In the same way our experience is private. Hence there must be something that is correlated all "my" particular experiences to make them part of all "my" experience. As the eye-visual field analogy however we cannot find "what" gives the mark of "myness" to all our experience. Therefore this unifying "factor" of all my experience cannot be found by examining the objects of our experiences. The "spaghetti monster" instead is a possible occurance of our experience. The "self"/"subject" and its "experience"/"object" are associated, coordinated. We cannot say that the "subject" causes its "object", but instead that the "object" is there whenever there is a "subject". So the subject in reality in this view is not even a "controller" of its experience, but simply is the "unifying" principle of its experience. Schopenhauer as reported here (https://plato.stanford.edu/entries/self ... scSelfCons) wrote “that the subject should become an object for itself is the most monstrous contradiction ever thought of”. However the simple analysis of our experience cannot be used to "deduce" the subject, rather must "deduce" it as what render it "unified".

But of course, this argument cannot IMO strictly speaking "prove" the existence of the unifying principle (also because there is the assumption that our experience is "unified") that renders experience "my experience". But in the same way the arguments by the analysis of our experience cannot "disprove" it simply because it is already posited that it cannot be "found" in experience.

I hope to have outlined the difference :anjali:
Sam Vara wrote:
Tue Feb 20, 2018 6:31 pm

Hi boundless,

Many thanks for your contributions to this thread, and in particular for this very nice summary. My point about the unity of apperception being a potential candidate for some type of selfhood (briefly mentioned in one of my posts above) is that I don't think that self-awareness is a necessary requirement of the type of self that Sam Harris and Hume are concerned to deny. In terms of a coherent conception of anatta, I don't think it is necessary to eliminate either a unity of apperception, or self-awareness, although both of them may well be dependently originated. (Self-awareness certainly is...)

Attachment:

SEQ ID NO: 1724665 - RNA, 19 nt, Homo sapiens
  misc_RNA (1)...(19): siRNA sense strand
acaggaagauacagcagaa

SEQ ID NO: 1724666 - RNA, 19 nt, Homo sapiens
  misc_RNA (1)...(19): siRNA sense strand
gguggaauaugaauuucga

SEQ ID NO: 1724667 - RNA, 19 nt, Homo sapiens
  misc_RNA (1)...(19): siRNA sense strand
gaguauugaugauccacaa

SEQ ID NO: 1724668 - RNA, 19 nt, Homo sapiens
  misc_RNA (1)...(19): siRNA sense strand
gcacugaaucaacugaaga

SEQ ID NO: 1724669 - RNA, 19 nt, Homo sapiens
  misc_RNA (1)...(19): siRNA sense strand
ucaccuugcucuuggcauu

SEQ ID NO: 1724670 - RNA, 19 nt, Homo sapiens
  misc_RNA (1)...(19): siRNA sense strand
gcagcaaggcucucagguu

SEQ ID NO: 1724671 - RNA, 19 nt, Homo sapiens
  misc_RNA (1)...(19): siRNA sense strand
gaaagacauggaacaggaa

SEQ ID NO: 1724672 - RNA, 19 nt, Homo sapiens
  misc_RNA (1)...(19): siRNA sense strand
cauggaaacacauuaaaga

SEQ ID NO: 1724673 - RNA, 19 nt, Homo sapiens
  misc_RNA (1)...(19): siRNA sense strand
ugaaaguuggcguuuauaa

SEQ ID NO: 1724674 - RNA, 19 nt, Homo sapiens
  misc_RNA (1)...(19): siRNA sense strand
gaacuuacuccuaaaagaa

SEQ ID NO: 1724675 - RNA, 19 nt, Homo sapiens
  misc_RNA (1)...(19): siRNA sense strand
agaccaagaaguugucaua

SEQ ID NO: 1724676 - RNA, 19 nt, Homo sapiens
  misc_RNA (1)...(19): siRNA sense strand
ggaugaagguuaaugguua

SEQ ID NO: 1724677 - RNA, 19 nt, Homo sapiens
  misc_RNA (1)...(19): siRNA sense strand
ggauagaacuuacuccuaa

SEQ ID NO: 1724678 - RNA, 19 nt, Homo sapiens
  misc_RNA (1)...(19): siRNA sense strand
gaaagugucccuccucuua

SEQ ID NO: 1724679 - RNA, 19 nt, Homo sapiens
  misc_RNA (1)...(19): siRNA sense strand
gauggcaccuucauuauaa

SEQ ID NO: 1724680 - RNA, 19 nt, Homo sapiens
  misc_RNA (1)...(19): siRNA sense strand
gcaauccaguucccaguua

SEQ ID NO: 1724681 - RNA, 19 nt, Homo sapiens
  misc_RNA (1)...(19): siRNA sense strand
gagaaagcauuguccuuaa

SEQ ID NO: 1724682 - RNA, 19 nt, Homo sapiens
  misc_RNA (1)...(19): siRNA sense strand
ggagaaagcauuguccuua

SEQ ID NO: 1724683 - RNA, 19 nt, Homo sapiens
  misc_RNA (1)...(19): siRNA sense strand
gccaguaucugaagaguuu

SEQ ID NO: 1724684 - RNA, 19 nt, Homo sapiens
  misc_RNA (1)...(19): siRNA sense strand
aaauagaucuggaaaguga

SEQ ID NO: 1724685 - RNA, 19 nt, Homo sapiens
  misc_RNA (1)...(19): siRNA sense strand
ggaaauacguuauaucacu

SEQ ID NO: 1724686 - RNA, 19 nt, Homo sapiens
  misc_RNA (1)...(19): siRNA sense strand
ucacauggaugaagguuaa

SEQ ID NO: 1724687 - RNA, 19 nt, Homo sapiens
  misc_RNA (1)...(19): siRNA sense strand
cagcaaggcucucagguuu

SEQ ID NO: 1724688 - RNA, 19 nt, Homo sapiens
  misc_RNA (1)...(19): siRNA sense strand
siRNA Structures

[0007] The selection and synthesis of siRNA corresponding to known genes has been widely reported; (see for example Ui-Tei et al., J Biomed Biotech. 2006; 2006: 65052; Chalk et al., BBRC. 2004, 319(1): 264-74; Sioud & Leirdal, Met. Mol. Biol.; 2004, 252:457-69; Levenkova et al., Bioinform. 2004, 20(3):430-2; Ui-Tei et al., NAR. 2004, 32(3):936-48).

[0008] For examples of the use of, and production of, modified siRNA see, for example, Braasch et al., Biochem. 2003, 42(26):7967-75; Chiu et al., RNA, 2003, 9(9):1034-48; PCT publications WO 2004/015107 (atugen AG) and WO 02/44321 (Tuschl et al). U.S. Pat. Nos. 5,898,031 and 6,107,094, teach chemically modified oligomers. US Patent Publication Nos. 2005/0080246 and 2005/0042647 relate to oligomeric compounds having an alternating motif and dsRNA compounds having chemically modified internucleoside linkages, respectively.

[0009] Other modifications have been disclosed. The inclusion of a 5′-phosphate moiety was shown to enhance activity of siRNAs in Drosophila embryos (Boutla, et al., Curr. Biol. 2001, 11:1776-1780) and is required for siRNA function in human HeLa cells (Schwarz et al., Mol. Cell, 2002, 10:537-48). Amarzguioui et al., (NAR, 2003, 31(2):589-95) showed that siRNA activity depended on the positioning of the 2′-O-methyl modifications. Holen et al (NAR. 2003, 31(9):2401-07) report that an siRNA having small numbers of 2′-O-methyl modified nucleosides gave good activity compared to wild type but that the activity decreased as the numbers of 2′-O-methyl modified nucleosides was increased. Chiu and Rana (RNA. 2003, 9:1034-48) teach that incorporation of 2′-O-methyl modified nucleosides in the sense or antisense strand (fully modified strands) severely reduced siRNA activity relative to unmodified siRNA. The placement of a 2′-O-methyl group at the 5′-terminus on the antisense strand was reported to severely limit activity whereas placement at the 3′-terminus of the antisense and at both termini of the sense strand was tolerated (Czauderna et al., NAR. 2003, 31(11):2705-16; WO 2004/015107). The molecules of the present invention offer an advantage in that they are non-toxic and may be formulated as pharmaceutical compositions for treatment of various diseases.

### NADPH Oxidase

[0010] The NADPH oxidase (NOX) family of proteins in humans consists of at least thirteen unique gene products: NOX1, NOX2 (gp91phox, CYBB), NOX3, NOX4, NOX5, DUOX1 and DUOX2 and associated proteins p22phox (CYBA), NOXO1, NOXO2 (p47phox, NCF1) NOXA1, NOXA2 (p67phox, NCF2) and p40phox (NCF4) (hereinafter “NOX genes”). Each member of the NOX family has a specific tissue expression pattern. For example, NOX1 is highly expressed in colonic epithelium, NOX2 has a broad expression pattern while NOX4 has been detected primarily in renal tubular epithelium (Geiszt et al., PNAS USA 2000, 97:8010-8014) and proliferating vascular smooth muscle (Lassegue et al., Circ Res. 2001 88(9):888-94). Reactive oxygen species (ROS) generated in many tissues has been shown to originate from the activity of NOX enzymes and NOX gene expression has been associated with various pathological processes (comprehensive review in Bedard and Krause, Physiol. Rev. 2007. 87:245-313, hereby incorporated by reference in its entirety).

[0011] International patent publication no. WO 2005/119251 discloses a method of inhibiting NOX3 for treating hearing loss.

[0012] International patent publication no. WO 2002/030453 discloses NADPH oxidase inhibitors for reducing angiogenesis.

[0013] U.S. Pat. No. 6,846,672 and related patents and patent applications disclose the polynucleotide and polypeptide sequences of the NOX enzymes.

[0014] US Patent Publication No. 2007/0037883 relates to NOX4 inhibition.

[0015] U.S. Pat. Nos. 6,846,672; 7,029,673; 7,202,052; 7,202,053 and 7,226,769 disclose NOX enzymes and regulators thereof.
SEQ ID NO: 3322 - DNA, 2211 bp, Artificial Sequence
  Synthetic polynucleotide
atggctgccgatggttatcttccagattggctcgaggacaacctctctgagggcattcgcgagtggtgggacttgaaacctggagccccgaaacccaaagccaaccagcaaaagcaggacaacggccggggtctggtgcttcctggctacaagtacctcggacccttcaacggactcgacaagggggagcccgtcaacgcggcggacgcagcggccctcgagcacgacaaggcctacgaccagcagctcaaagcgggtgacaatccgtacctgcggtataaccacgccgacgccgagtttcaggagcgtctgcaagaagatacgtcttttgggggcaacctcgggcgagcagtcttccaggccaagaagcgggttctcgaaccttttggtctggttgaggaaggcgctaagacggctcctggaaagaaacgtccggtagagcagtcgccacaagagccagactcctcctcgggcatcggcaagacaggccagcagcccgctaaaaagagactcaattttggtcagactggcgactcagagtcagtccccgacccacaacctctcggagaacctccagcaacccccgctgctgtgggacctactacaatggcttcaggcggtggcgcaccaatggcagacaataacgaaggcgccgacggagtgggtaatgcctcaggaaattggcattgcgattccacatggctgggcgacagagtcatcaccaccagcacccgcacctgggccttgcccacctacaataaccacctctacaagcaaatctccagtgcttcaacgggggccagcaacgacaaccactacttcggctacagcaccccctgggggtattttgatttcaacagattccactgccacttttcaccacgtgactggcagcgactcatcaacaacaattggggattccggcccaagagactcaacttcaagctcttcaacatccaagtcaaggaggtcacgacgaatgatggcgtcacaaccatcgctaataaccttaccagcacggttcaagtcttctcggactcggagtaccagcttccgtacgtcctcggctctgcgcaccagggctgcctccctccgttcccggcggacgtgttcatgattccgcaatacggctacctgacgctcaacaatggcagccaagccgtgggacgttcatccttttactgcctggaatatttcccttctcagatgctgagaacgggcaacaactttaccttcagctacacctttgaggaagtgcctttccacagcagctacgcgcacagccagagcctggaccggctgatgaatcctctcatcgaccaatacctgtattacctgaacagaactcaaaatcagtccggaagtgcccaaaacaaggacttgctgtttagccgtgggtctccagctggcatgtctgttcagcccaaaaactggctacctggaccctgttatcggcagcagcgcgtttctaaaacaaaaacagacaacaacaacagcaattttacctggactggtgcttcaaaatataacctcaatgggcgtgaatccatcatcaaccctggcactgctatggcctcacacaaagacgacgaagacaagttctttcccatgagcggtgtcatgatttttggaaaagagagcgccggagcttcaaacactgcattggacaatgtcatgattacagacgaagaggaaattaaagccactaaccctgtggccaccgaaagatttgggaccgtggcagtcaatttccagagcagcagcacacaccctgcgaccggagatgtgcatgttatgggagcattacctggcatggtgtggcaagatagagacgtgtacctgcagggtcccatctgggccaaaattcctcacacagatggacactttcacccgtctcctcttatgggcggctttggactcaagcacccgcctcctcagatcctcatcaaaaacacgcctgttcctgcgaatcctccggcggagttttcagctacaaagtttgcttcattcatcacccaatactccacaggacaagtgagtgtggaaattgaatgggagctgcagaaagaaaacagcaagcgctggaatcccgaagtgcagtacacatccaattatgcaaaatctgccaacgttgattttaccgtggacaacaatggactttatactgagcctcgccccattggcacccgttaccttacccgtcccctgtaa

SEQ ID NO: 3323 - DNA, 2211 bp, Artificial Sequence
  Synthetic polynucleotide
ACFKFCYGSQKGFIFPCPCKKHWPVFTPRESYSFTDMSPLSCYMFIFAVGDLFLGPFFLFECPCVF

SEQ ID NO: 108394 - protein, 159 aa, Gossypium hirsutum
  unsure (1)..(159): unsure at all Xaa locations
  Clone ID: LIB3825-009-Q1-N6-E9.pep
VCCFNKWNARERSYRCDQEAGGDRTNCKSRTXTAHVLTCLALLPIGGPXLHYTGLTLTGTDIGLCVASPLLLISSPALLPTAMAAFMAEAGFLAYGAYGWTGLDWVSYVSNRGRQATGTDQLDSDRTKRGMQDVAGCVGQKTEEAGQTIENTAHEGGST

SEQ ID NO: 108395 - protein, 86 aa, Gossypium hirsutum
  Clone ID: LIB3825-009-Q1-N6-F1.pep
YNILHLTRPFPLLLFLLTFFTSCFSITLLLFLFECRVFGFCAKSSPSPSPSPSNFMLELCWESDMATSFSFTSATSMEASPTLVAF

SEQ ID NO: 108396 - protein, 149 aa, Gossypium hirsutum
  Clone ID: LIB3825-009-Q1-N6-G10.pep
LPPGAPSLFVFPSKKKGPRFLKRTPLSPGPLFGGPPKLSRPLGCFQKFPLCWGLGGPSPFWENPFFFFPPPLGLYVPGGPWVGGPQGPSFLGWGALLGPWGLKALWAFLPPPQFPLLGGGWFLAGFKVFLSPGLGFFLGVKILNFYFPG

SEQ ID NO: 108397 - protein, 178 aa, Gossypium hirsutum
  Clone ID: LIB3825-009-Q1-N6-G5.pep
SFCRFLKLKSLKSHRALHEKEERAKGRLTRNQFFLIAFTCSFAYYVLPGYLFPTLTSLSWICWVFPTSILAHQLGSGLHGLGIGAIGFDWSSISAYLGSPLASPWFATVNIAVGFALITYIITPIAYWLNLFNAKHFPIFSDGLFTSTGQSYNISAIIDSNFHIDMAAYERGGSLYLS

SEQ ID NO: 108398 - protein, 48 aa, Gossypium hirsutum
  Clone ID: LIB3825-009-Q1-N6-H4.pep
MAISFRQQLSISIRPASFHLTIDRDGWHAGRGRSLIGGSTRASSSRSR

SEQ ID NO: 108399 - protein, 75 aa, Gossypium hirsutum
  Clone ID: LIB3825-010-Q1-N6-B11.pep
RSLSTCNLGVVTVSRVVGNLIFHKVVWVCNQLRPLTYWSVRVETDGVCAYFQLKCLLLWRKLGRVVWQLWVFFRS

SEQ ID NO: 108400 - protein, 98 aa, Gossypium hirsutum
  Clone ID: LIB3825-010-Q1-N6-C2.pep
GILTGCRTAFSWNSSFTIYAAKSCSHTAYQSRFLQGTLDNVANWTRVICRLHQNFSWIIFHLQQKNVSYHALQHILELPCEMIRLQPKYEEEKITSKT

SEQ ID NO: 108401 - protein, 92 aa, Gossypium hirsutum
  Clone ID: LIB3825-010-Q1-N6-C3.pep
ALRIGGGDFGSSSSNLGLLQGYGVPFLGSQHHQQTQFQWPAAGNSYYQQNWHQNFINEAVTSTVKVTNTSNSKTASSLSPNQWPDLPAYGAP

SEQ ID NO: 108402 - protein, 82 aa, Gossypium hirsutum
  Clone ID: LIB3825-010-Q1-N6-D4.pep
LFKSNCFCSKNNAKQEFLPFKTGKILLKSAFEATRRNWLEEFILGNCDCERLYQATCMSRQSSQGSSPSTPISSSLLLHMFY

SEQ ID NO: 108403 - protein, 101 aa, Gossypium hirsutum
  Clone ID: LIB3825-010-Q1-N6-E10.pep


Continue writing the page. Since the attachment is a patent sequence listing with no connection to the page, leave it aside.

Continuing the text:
Hello Sam Vara,

Let me separate two similar concepts of "self". One is a dynamical, dependently originated "unifier of experience". The other is the fixed "unifier of experience". The first is what can be thought to be the "empirical self". The second is the "trascendental" self, which is the "mark" that renders all experience as "my" experience.

The first seems to be accepted by "anatta", but with a "precisation". It is conventional, i.e. it is an abstraction. To make sense of our subjectivity we need to "distinguish" our experience as "ours". But as I understand "anatta" this is ultimately untrue, there is "no thing", "no mark" that really make "distinct", i.e. our experience is not really distinct from others. To re-use the "wave-ocean" analogy, the "distinctivness" of the "wave" to the rest of the ocean is ultimately illusory. To reify it is to posit the "self" of the "trascendentalists". This however should not to be taken as an assertion of the denail of the "wave". If we look to a "macroscopic" perspective there is the wave. However if we analyze the wave we find that at some levels of the analysis the "water" contained in the "wave" is not "special".

The trascendentalists disagree and say that, the "water" inside the wave is "special" at all level of analysis. They think that the water of the wave is somewhat "marked". So our experience are "marked" by the correlation to the "self". We cannot find a particular "experience" (i.e. a particular droplet of water) that shows the existence of the self. It is what is common to all experience. And again we cannot "go inside" others. So we cannot in any way find, in experience, that there is a "unifying principle" that makes "our" experience as ours.

What I meant with my observation that such a "self" cannot be "self-aware" without change is that according to DN15 it seems that we posit a self because we are "self-aware". But if there are no experience then our "trascendental self" neither experiences neither is self-aware.

:anjali:
SDC wrote:
Tue Feb 20, 2018 11:24 pm